No cheating: Jays reliever admits tipping pitches before Aaron Judge HR

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Toronto Blue Jays pitcher Jay Jackson admitted he was tipping his pitches Monday night before allowing a mammoth home run to New York Yankees slugger Aaron Judge.

The blast sparked a bit of controversy when the Jays TV broadcast noticed Judge casting a quick glance toward the Yankees dugout while he was in the batter’s box, suggesting that he may have been receiving some advance notice on what pitch was coming.

Jackson, who was demoted to Class AAA Buffalo after Monday’s game, said Tuesday in an interview with The Athletic that his grip and his timing may have allowed the Yankees to figure out what was coming.

“From what I was told, I was kind of tipping the pitch,” Jackson said. “It was (less) my grip when I was coming behind my ear. It was the time it was taking me from my set position, from my glove coming from my head to my hip. On fastballs, I was kind of doing it quicker than on sliders. They were kind of picking up on it.”

Although Judge said his sneak peek was in response to ‘a lot of chirping from our dugout,’ he was most likely looking at first base coach Travis Chapman, whom several Jays sources told The Athletic was able to see Jackson’s grip — in plenty of time to relay that information to Judge.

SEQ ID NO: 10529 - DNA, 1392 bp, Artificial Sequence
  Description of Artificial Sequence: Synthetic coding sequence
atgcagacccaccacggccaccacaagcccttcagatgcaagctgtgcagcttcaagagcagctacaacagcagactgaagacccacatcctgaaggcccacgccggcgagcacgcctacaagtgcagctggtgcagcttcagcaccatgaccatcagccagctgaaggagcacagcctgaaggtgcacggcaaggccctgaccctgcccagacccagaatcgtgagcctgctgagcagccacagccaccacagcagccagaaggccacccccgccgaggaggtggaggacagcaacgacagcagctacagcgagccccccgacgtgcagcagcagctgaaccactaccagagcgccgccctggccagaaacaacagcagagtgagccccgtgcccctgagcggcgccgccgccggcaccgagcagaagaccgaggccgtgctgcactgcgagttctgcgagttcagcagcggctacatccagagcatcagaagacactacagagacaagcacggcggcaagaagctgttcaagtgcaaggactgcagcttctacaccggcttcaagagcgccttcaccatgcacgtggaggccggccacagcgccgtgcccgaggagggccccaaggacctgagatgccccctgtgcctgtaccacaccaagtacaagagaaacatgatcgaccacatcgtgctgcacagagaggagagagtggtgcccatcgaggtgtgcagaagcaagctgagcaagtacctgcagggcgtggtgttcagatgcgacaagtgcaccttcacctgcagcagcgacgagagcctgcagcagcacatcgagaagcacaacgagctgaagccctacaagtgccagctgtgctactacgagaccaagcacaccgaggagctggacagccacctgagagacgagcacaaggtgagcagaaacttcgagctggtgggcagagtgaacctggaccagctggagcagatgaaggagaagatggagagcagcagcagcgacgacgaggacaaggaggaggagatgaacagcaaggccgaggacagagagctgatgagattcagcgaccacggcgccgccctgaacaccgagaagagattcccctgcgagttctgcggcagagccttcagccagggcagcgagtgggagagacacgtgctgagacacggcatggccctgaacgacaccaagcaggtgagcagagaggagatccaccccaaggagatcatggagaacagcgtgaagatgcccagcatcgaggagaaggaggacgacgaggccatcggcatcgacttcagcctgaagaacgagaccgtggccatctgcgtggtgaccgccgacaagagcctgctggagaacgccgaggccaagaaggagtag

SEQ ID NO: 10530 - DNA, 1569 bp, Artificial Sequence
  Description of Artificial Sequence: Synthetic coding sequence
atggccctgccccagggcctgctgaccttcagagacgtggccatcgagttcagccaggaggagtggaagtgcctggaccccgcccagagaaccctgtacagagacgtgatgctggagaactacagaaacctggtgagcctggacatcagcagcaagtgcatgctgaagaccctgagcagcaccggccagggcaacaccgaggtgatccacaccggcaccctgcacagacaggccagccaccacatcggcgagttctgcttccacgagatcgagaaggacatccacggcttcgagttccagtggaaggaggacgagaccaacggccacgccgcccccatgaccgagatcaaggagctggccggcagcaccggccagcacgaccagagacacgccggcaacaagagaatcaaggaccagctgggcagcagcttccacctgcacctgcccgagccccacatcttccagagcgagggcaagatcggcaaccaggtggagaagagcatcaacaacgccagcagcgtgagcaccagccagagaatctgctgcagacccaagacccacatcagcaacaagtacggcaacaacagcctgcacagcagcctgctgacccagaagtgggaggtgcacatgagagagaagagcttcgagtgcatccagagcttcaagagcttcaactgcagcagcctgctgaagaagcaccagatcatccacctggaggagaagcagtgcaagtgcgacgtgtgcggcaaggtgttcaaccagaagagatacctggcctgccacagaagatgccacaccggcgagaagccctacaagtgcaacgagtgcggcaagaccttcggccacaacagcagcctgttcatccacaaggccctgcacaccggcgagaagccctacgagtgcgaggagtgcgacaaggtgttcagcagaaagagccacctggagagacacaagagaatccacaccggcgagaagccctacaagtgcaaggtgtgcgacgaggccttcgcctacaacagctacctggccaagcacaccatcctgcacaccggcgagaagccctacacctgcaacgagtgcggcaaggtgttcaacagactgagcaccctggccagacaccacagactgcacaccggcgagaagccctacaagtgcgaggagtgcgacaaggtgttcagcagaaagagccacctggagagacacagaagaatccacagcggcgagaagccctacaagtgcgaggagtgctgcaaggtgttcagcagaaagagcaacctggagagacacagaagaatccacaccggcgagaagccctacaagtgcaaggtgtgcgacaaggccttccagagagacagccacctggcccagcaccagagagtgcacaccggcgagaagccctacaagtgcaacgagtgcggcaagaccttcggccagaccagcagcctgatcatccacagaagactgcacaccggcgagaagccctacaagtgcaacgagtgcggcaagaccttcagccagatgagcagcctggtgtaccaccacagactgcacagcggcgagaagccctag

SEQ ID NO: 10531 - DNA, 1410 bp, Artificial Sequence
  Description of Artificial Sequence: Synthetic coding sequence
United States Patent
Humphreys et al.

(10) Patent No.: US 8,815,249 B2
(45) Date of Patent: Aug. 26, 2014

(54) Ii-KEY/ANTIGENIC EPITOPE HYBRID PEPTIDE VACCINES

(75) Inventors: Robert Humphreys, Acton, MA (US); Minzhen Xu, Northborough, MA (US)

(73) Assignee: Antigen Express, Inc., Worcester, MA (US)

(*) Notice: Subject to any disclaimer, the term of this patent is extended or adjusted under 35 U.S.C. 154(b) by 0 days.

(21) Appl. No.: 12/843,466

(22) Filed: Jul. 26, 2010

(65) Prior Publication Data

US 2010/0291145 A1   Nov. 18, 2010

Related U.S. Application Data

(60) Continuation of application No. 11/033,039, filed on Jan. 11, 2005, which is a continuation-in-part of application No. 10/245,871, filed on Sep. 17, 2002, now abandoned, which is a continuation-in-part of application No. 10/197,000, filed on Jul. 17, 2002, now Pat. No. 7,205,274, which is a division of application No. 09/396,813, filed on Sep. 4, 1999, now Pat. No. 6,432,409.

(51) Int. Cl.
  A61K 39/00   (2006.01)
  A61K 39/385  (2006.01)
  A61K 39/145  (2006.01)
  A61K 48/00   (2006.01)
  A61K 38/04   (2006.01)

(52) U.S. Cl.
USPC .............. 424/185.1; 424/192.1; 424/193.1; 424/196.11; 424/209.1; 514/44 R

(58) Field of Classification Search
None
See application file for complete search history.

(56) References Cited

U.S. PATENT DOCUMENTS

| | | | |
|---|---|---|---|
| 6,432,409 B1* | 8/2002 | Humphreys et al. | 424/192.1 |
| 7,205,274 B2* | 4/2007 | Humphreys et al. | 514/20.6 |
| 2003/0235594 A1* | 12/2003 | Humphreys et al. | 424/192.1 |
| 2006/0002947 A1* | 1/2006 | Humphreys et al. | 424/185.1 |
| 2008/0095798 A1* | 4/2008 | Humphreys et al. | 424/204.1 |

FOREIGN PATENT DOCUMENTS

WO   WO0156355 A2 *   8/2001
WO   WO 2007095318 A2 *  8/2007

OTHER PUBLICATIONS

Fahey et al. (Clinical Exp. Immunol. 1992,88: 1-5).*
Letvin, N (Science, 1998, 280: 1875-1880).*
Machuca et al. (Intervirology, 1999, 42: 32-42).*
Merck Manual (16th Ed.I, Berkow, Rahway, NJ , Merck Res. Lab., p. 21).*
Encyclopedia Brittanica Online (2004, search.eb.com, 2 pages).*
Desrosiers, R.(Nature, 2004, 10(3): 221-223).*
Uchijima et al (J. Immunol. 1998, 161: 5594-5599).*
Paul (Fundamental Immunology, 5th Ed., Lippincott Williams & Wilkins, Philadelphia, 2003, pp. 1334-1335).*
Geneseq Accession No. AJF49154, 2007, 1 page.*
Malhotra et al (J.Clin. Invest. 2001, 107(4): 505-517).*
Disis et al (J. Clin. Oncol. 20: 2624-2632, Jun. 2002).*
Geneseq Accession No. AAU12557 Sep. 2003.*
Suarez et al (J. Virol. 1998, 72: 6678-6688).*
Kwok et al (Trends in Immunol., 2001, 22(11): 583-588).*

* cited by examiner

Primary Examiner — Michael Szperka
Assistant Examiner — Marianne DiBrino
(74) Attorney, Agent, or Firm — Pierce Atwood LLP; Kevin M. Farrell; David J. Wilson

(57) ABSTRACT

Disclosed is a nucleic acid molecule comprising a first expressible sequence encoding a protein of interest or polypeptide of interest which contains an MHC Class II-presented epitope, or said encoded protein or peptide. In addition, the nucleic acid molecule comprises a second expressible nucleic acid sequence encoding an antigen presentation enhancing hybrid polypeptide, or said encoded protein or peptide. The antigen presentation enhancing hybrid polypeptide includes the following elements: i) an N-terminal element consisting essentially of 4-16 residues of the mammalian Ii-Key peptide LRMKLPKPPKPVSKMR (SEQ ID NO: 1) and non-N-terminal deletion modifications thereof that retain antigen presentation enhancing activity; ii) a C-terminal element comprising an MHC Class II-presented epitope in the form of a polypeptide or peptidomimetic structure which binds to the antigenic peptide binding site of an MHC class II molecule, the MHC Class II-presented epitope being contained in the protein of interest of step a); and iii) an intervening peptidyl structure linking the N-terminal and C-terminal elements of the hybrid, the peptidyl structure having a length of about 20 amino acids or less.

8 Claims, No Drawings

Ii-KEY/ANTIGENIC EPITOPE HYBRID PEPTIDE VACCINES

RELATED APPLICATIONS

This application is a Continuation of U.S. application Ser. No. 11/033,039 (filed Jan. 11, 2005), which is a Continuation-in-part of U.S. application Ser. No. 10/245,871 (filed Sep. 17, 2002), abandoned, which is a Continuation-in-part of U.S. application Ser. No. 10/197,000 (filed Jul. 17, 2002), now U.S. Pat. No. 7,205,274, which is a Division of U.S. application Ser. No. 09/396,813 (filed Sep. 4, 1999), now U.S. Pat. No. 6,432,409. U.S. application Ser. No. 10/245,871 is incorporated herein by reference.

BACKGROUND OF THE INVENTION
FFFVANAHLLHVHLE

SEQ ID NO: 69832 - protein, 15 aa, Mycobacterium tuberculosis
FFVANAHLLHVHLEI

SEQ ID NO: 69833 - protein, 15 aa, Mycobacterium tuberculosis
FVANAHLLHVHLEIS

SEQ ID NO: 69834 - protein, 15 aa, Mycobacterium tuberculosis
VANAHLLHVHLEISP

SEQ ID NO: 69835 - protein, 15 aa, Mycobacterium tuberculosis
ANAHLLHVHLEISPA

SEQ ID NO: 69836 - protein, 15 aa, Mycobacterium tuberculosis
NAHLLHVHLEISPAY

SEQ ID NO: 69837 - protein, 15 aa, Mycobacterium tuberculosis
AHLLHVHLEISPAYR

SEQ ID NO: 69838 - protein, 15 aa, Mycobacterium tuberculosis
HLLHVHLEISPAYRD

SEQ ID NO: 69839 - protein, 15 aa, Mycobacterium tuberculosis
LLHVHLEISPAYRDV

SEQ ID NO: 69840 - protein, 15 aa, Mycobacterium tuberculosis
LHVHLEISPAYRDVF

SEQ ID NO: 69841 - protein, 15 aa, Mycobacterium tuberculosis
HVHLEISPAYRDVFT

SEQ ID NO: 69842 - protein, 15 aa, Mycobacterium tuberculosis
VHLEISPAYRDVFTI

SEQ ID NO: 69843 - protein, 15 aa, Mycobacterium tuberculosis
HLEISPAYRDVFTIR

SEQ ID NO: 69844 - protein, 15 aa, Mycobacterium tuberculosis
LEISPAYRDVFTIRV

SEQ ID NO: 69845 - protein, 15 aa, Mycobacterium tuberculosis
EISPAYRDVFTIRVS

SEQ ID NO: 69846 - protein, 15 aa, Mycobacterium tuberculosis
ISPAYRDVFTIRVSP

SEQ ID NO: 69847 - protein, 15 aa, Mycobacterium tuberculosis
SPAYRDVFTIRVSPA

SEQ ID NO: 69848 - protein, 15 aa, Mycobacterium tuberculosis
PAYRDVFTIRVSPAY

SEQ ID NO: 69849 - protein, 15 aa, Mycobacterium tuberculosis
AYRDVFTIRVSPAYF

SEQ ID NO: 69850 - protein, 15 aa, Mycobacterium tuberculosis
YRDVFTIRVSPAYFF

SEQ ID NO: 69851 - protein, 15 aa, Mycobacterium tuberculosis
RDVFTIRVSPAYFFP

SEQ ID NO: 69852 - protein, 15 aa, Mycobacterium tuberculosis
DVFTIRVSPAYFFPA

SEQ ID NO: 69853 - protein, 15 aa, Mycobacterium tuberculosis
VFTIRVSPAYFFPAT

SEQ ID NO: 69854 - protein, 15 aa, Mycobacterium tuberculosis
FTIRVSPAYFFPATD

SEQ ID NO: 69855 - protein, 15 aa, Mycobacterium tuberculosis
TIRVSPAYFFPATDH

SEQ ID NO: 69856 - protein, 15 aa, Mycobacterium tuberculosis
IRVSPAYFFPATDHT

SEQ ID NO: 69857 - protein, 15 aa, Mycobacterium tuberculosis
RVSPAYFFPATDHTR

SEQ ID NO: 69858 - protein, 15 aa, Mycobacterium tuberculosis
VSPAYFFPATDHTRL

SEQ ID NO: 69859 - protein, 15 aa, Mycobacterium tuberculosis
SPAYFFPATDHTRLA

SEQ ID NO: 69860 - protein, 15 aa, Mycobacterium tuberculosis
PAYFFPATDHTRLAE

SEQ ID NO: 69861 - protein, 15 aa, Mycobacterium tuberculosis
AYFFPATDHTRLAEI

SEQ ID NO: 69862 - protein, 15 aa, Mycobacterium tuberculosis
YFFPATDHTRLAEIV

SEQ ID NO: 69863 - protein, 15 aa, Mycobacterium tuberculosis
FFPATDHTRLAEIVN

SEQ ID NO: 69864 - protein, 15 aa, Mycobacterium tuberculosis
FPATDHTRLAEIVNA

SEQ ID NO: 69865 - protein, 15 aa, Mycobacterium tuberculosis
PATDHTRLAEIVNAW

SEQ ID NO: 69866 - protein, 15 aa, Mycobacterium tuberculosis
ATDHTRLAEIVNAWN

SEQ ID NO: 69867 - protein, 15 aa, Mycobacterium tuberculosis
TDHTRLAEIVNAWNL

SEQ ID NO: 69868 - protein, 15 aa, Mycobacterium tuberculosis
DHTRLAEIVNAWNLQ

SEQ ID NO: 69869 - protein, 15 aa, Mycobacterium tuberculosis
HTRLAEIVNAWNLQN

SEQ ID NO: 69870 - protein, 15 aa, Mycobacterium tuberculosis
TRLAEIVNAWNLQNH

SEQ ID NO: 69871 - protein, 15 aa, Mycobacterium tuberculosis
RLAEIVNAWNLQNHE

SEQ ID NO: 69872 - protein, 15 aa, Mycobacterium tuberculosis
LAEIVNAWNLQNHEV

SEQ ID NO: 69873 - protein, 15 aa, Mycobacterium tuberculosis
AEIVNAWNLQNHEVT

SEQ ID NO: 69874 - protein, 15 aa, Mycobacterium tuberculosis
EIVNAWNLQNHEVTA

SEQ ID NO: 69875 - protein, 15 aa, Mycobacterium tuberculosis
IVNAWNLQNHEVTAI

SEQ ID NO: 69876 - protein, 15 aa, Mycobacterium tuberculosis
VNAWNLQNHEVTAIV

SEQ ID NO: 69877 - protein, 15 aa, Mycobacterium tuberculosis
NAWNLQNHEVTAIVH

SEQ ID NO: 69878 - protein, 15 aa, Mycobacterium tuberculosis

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While the unusual turn of events leading up to Judge’s 462-foot home run raised questions of possible cheating, that type of sign-stealing is completely within baseball’s accepted rules — unlike the Houston Astros’ electronic sign-stealing, trash can-banging scandal in 2017.

However, the flap did carry over into Tuesday’s game between the two teams. The Blue Jays complained to MLB officials that the Yankees’ base coaches were standing outside the dimensions of the coaching box, potentially allowing them to get a better view of pitchers’ grips.

That led to an on-field argument when the Yankees asked umpires to force Jays third base coach Luis Rivera to stay inside his box.

This post appeared first on USA TODAY